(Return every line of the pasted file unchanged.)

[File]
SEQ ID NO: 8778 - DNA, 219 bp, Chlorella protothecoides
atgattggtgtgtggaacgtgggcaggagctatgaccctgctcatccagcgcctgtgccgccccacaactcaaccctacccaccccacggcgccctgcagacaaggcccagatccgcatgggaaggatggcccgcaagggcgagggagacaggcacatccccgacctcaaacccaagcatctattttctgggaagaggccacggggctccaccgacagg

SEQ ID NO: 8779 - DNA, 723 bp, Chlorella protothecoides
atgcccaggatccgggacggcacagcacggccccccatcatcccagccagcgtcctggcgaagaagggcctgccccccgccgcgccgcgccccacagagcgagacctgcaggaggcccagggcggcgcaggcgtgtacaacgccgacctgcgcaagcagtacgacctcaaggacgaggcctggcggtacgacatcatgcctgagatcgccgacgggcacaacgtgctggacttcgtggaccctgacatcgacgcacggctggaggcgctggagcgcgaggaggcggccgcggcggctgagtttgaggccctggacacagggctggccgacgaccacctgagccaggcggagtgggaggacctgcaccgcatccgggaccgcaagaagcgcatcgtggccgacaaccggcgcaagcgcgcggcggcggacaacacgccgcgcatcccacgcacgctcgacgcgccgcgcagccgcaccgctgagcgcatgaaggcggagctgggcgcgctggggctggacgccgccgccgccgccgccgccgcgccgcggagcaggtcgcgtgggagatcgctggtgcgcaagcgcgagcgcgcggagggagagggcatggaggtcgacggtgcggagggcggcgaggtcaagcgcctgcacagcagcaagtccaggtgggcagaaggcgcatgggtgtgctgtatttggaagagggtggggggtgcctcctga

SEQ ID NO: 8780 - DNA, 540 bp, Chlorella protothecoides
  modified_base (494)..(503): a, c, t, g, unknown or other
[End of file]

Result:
SEQ ID NO: 8778 - DNA, 219 bp, Chlorella protothecoides
atgattggtgtgtggaacgtgggcaggagctatgaccctgctcatccagcgcctgtgccgccccacaactcaaccctacccaccccacggcgccctgcagacaaggcccagatccgcatgggaaggatggcccgcaagggcgagggagacaggcacatccccgacctcaaacccaagcatctattttctgggaagaggccacggggctccaccgacagg

SEQ ID NO: 8779 - DNA, 723 bp, Chlorella protothecoides
atgcccaggatccgggacggcacagcacggccccccatcatcccagccagcgtcctggcgaagaagggcctgccccccgccgcgccgcgccccacagagcgagacctgcaggaggcccagggcggcgcaggcgtgtacaacgccgacctgcgcaagcagtacgacctcaaggacgaggcctggcggtacgacatcatgcctgagatcgccgacgggcacaacgtgctggacttcgtggaccctgacatcgacgcacggctggaggcgctggagcgcgaggaggcggccgcggcggctgagtttgaggccctggacacagggctggccgacgaccacctgagccaggcggagtgggaggacctgcaccgcatccgggaccgcaagaagcgcatcgtggccgacaaccggcgcaagcgcgcggcggcggacaacacgccgcgcatcccacgcacgctcgacgcgccgcgcagccgcaccgctgagcgcatgaaggcggagctgggcgcgctggggctggacgccgccgccgccgccgccgccgcgccgcggagcaggtcgcgtgggagatcgctggtgcgcaagcgcgagcgcgcggagggagagggcatggaggtcgacggtgcggagggcggcgaggtcaagcgcctgcacagcagcaagtccaggtgggcagaaggcgcatgggtgtgctgtatttggaagagggtggggggtgcctcctga

SEQ ID NO: 8780 - DNA, 540 bp, Chlorella protothecoides
  modified_base (494)..(503): a, c, t, g, unknown or other